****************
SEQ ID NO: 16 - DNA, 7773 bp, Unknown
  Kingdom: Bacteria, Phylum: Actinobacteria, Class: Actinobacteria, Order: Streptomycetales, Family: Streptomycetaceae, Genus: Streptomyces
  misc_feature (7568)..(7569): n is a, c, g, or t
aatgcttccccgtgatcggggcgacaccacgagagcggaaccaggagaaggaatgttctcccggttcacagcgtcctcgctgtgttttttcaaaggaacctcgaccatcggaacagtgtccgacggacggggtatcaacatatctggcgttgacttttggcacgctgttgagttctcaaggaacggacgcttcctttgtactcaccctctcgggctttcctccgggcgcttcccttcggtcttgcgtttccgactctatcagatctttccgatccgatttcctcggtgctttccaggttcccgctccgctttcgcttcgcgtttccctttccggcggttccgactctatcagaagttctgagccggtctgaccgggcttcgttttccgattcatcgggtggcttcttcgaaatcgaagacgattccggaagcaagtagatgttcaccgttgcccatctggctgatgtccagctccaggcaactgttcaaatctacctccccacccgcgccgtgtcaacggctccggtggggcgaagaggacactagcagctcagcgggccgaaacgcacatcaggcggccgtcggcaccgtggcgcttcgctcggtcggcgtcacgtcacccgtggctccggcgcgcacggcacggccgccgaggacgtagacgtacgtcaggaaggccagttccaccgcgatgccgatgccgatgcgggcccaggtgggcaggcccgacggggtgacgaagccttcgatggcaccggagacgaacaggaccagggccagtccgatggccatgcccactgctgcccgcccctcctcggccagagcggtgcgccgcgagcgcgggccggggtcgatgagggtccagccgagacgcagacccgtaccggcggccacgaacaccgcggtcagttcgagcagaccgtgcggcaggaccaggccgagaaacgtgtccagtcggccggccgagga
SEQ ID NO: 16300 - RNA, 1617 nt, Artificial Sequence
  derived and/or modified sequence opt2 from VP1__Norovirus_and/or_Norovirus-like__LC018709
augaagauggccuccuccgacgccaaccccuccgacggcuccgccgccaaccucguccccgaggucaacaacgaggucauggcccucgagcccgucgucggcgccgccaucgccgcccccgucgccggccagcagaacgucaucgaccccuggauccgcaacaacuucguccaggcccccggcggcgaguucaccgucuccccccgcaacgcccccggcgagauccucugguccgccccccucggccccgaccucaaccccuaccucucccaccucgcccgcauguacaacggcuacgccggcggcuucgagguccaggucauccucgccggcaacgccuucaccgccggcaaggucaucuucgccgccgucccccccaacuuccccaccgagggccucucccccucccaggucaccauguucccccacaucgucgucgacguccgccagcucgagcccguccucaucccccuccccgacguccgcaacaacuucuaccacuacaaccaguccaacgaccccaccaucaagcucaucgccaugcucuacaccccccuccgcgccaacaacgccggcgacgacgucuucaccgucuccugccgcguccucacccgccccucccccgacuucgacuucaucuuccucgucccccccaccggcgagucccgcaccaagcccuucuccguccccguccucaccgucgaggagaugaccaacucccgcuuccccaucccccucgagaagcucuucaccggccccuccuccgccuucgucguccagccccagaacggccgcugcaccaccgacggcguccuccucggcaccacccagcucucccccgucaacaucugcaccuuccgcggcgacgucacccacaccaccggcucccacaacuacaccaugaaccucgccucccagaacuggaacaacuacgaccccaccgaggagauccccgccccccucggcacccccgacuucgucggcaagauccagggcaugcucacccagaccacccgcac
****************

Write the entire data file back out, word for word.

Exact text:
SEQ ID NO: 16 - DNA, 7773 bp, Unknown
  Kingdom: Bacteria, Phylum: Actinobacteria, Class: Actinobacteria, Order: Streptomycetales, Family: Streptomycetaceae, Genus: Streptomyces
  misc_feature (7568)..(7569): n is a, c, g, or t
aatgcttccccgtgatcggggcgacaccacgagagcggaaccaggagaaggaatgttctcccggttcacagcgtcctcgctgtgttttttcaaaggaacctcgaccatcggaacagtgtccgacggacggggtatcaacatatctggcgttgacttttggcacgctgttgagttctcaaggaacggacgcttcctttgtactcaccctctcgggctttcctccgggcgcttcccttcggtcttgcgtttccgactctatcagatctttccgatccgatttcctcggtgctttccaggttcccgctccgctttcgcttcgcgtttccctttccggcggttccgactctatcagaagttctgagccggtctgaccgggcttcgttttccgattcatcgggtggcttcttcgaaatcgaagacgattccggaagcaagtagatgttcaccgttgcccatctggctgatgtccagctccaggcaactgttcaaatctacctccccacccgcgccgtgtcaacggctccggtggggcgaagaggacactagcagctcagcgggccgaaacgcacatcaggcggccgtcggcaccgtggcgcttcgctcggtcggcgtcacgtcacccgtggctccggcgcgcacggcacggccgccgaggacgtagacgtacgtcaggaaggccagttccaccgcgatgccgatgccgatgcgggcccaggtgggcaggcccgacggggtgacgaagccttcgatggcaccggagacgaacaggaccagggccagtccgatggccatgcccactgctgcccgcccctcctcggccagagcggtgcgccgcgagcgcgggccggggtcgatgagggtccagccgagacgcagacccgtaccggcggccacgaacaccgcggtcagttcgagcagaccgtgcggcaggaccaggccgagaaacgtgtccagtcggccggccgagga
SEQ ID NO: 16300 - RNA, 1617 nt, Artificial Sequence
  derived and/or modified sequence opt2 from VP1__Norovirus_and/or_Norovirus-like__LC018709
augaagauggccuccuccgacgccaaccccuccgacggcuccgccgccaaccucguccccgaggucaacaacgaggucauggcccucgagcccgucgucggcgccgccaucgccgcccccgucgccggccagcagaacgucaucgaccccuggauccgcaacaacuucguccaggcccccggcggcgaguucaccgucuccccccgcaacgcccccggcgagauccucugguccgccccccucggccccgaccucaaccccuaccucucccaccucgcccgcauguacaacggcuacgccggcggcuucgagguccaggucauccucgccggcaacgccuucaccgccggcaaggucaucuucgccgccgucccccccaacuuccccaccgagggccucucccccucccaggucaccauguucccccacaucgucgucgacguccgccagcucgagcccguccucaucccccuccccgacguccgcaacaacuucuaccacuacaaccaguccaacgaccccaccaucaagcucaucgccaugcucuacaccccccuccgcgccaacaacgccggcgacgacgucuucaccgucuccugccgcguccucacccgccccucccccgacuucgacuucaucuuccucgucccccccaccggcgagucccgcaccaagcccuucuccguccccguccucaccgucgaggagaugaccaacucccgcuuccccaucccccucgagaagcucuucaccggccccuccuccgccuucgucguccagccccagaacggccgcugcaccaccgacggcguccuccucggcaccacccagcucucccccgucaacaucugcaccuuccgcggcgacgucacccacaccaccggcucccacaacuacaccaugaaccucgccucccagaacuggaacaacuacgaccccaccgaggagauccccgccccccucggcacccccgacuucgucggcaagauccagggcaugcucacccagaccacccgcac